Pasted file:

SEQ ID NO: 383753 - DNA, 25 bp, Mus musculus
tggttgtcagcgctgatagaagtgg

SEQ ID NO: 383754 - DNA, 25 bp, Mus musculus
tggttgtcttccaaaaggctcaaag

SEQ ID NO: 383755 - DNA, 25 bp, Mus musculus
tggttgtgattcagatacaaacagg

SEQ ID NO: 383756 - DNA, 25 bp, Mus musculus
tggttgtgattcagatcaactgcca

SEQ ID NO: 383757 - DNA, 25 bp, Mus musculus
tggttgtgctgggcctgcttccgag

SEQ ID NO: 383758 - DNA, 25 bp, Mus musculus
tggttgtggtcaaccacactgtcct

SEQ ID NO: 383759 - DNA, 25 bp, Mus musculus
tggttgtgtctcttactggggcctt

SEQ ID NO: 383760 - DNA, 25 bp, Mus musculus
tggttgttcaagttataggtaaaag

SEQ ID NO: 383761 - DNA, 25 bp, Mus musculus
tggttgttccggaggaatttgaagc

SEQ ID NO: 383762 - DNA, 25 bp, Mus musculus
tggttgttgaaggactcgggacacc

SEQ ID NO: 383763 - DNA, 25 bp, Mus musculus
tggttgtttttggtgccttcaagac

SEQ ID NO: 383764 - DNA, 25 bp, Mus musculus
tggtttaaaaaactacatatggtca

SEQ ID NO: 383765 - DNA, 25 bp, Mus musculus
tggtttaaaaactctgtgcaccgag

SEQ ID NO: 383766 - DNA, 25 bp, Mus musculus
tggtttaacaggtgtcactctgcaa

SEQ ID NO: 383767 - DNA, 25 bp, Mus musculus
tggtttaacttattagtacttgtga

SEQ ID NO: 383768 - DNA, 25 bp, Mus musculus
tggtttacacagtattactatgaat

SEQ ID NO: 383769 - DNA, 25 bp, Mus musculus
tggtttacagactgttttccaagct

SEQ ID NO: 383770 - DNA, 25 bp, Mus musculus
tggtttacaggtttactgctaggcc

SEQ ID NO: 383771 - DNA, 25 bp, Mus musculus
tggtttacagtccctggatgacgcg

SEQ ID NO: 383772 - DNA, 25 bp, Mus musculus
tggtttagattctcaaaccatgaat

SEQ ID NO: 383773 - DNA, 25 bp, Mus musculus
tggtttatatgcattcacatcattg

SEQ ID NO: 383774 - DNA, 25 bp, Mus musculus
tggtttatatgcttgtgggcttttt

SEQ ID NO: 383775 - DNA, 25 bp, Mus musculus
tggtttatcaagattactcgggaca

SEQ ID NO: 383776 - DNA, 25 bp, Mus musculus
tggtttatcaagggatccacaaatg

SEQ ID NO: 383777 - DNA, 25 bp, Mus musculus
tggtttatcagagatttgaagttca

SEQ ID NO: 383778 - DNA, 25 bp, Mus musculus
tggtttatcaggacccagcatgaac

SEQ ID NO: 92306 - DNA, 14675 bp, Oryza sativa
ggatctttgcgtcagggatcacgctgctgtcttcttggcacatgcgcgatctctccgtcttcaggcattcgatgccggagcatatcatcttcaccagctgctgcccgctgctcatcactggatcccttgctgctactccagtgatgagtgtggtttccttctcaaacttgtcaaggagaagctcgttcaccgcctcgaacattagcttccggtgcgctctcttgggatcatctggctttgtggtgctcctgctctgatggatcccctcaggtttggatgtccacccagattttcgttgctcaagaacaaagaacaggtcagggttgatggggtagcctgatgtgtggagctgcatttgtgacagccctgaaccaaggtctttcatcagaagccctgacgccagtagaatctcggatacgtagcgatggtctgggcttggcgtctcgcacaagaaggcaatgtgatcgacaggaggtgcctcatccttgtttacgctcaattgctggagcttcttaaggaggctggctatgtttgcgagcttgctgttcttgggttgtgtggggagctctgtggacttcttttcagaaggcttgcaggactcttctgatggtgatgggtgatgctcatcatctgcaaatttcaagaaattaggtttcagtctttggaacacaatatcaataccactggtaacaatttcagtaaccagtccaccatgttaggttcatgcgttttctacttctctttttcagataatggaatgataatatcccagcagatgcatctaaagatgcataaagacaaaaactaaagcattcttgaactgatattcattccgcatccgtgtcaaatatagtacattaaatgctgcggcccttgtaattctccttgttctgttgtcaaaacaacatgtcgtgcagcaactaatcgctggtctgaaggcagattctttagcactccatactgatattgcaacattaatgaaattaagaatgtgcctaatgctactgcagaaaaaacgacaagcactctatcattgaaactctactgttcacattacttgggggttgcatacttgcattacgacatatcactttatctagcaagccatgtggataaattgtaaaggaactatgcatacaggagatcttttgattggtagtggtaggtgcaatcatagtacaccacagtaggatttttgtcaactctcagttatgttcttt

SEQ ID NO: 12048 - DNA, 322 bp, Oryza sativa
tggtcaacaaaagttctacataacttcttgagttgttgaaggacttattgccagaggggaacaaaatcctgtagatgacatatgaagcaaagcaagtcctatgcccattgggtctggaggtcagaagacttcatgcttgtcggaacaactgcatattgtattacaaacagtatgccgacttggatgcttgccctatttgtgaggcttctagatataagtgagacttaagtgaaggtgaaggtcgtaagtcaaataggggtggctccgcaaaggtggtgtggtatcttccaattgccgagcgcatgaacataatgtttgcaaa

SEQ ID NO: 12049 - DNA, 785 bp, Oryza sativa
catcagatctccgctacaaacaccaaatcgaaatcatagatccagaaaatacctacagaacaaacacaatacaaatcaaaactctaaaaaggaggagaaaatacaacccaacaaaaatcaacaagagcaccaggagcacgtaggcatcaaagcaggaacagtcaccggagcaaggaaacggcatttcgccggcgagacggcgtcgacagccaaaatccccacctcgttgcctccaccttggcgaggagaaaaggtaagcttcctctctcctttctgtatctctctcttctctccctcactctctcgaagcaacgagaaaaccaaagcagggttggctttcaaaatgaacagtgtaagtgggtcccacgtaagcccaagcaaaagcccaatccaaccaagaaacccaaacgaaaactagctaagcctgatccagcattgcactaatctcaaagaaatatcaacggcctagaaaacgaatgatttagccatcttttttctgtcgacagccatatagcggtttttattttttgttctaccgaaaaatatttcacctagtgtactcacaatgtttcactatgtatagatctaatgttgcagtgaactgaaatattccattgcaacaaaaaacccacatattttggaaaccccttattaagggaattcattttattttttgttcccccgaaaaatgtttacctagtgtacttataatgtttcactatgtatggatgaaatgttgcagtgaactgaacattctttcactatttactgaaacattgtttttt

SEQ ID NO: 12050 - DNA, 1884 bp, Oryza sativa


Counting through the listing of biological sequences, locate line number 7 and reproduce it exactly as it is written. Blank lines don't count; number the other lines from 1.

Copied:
SEQ ID NO: 383756 - DNA, 25 bp, Mus musculus